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  7. #57
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    I can't imagine people demanding to know why kids aren't in school!!! Some people don't have enough to do...........

  8. #58
    Power Poster sewbizgirl's Avatar
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    Quote Originally Posted by Chasing Hawk View Post
    People would come up to him and demand why the kids weren't in school.
    There is only one proper answer to that question: "Mind your own business."
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  9. #59
    Power Poster sewbizgirl's Avatar
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    Quote Originally Posted by cathyvv View Post

    I have two grands who are home schooled. Their parents rarely involve the kids in outside of the home activities. One of them is, and always was, extremely shy, but did ok in school, had a few friends. Since he has been home schooled he has basically become a hermit. He does not know how to be around people he doesn't know. He is literally frozen if someone he doesn't know says hello. He's learning his lessons, but has learned nothing about surviving in the world.

    His brother has Aspergers and is very bright, also sociable. He visited me to help me in November and I had to make sure he did school work. (snip)
    He's afraid of school because he feels he won't be accepted by the other kids. Might be true, but he's never had the opportunity to find out, or figure out how to get along.

    So, while they are doing their schooling, I don't consider it a successful endeavor. What good is knowing stuff if you are frightened of the world? I think home schooling can work well for some families, though.
    It sounds like the two children you described have issues that would actually be worsened by forcing them to go to school. Anxiety is not cured by throwing the child into the pot. My son had social anxiety and I didn't understand it when he was small. I thought he was just being silly. But the anxiety was real, as I came to find out. Home education was the best thing for him. He has a brilliant mind and still does. He went to college and got his pilot's license. He's had some high level jobs with government security clearance. I think the best upbringing for a child who is "frightened of the world", is to face it with their parents at their side.

    Some children are just not emotionally benefited from group education.
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  10. #60
    Super Member Chasing Hawk's Avatar
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    Quote Originally Posted by sewbizgirl View Post
    There is only one proper answer to that question: "Mind your own business."
    That's what he said..lol
    Everyone is born right handed, only the gifted overcome it.
    I have already committed my felonies, so people don't have to worry. (Russell Means)
    I swear to you, I am guilty of only being Indian. That's why I am here. (Leonard Peltier)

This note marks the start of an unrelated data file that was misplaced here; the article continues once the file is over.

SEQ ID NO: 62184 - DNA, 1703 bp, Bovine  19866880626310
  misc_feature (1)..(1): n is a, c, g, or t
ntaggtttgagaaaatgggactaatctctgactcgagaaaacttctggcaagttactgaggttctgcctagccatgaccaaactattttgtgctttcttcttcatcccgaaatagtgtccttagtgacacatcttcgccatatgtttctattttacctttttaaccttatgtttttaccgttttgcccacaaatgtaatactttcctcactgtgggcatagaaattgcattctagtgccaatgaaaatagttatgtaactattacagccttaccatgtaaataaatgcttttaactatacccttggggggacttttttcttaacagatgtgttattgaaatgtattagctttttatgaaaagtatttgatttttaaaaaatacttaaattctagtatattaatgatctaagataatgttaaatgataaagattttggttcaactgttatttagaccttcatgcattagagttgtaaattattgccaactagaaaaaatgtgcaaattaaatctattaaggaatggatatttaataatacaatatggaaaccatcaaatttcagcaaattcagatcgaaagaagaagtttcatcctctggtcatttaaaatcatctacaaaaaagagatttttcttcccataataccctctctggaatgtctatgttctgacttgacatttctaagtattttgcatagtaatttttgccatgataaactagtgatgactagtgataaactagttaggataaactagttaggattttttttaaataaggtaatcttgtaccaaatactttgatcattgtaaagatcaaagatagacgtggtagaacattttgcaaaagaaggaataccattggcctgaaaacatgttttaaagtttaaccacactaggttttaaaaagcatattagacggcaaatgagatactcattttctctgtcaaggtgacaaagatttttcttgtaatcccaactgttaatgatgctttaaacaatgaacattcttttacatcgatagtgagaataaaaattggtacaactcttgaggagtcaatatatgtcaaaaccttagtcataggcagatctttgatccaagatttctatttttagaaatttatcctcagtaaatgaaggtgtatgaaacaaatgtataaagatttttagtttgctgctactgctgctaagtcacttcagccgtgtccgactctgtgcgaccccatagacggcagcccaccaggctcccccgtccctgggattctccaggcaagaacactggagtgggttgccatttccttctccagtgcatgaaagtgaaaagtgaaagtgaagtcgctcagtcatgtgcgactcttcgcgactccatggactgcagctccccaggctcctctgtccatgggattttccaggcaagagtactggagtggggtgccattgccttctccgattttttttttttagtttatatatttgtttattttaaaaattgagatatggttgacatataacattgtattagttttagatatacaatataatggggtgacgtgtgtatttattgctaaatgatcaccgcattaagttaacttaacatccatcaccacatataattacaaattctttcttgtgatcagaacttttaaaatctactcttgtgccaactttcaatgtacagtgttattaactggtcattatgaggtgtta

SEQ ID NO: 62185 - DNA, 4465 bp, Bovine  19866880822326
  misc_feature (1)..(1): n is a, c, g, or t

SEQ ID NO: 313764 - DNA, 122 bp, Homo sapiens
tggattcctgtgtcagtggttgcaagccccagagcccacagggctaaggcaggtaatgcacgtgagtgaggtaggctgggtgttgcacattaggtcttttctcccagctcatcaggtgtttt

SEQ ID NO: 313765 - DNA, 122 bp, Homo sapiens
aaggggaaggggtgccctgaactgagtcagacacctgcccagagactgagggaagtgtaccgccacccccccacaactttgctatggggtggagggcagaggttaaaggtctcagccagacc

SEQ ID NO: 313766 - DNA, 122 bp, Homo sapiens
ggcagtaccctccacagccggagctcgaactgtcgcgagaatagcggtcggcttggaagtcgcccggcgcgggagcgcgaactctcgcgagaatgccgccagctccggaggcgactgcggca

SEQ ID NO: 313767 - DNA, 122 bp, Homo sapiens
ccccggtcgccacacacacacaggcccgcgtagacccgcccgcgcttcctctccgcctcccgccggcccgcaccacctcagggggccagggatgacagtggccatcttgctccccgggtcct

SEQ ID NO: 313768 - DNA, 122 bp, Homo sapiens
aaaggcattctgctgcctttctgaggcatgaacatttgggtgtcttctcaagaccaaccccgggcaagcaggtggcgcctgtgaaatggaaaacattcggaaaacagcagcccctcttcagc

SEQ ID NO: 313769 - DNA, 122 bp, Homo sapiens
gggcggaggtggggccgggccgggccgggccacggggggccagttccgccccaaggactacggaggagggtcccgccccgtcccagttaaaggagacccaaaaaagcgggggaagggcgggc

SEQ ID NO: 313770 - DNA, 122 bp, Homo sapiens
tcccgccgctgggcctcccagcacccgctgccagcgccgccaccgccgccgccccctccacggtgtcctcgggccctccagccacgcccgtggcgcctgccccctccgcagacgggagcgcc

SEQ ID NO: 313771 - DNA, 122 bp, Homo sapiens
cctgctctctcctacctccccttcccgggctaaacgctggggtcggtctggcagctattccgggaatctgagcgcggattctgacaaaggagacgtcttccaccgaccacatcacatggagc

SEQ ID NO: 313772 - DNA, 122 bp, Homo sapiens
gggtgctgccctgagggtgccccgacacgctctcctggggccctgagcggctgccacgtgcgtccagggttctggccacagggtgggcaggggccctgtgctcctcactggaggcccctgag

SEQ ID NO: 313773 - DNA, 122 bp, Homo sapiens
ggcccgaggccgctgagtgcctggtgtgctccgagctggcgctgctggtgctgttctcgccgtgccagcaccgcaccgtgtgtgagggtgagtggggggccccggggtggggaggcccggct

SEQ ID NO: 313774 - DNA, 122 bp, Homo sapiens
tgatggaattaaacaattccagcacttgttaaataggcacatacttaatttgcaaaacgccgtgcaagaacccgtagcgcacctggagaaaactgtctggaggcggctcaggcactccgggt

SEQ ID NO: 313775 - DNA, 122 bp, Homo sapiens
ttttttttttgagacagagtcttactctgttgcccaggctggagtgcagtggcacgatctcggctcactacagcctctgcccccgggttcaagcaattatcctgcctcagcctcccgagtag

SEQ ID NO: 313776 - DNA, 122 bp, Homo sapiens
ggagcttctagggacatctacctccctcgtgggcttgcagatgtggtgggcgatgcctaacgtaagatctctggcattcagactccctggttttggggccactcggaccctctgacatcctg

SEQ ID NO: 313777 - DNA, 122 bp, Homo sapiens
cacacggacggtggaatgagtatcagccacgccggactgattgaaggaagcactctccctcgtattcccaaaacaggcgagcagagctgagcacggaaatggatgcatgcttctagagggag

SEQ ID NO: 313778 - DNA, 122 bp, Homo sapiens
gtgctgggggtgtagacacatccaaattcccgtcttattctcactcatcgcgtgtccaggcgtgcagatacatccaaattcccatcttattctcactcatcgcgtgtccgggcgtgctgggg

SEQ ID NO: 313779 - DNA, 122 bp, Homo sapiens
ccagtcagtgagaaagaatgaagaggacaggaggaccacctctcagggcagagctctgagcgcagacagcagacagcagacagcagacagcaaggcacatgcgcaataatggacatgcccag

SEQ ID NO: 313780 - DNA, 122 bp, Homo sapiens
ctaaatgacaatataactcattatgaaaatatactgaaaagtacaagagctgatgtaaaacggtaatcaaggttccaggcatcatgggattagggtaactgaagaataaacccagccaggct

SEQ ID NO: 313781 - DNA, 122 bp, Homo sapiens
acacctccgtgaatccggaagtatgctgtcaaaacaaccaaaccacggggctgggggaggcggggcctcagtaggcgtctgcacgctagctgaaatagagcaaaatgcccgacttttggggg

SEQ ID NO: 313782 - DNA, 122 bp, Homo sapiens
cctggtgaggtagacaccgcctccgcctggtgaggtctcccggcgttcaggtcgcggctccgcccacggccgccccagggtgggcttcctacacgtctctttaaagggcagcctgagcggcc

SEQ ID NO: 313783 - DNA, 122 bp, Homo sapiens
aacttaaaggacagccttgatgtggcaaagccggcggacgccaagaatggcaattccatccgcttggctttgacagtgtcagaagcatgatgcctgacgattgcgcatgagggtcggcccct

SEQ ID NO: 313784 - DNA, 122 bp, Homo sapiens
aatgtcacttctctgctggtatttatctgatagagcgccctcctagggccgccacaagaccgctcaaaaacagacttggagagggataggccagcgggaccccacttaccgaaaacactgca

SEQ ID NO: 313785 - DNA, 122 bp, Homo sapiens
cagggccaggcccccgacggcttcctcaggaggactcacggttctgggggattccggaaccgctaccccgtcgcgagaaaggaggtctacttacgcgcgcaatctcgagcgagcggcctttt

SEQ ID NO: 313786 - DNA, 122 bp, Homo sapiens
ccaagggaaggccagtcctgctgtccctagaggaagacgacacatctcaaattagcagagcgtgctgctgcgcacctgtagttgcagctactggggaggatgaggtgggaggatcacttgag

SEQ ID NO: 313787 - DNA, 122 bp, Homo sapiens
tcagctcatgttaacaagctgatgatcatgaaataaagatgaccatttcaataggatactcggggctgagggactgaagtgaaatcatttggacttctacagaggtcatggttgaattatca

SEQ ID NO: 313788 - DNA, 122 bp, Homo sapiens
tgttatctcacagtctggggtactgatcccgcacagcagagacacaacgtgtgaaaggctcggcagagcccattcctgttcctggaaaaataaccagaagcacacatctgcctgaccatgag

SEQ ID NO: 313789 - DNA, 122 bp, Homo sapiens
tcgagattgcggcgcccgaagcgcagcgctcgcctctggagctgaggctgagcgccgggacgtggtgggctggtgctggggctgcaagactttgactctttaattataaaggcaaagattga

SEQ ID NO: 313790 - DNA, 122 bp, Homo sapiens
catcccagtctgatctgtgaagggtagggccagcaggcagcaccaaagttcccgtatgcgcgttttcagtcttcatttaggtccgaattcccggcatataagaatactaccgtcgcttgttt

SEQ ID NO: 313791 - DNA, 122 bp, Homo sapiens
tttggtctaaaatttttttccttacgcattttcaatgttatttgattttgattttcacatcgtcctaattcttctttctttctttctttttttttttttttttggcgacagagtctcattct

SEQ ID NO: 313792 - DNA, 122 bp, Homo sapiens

“If you can’t see a mistake from 12 feet away, it doesn’t exist, and there are no perfect quilts and that helps a lot,” .......Greg Biornstad

  11. #61
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    That is not the case with these boys.

    One of them was in school through 3rd grade and doing ok. He wasn't a star pupil, but he made friends, expressed his opinions, made decisions on the small stuff and was interested in the world around him. He was sociable, but needed some time to warm up to both the situation and the people around him. My 71 year old husband is like that, and he does not suffer from severe anxiety.

    Once home schooled, his parents, despite saying that they would get the kids involved with teams, projects, etc. outside of school, did nothing to encourage any activity outside of the home. They always had an excuse for not doing so - most of them amounted to "I don't want to". They actively encourage the fear of school and people by threatening to send them to public school. I don't think the parents have a clue about how devastating their overall attitude has been to the boys. Unfortunately, the parents are 'all about me' types. They will never understand what they have done to those boys.

    The first year of home schooling neither boy was doing any of the work because neither parent could be bothered. Mom got sick and had surgery so I went out to help out. The only reason the kids got started on the school work is that i made it my priority to get them going. The shy one was so eager to learn that it astounded me. He managed the entire school years worth of work from end of January to June 1. That was after telling me he had short term memory problems - diagnosed by a so-called learning disability expert. My response to that was, "Me, too. But I know how to help you with that." No one ever just sat down with him to explain how to study. He didn't understand why text was bolded, italicized, in tables, etc. Once encouraged, he was amazed at what he could do. So was I.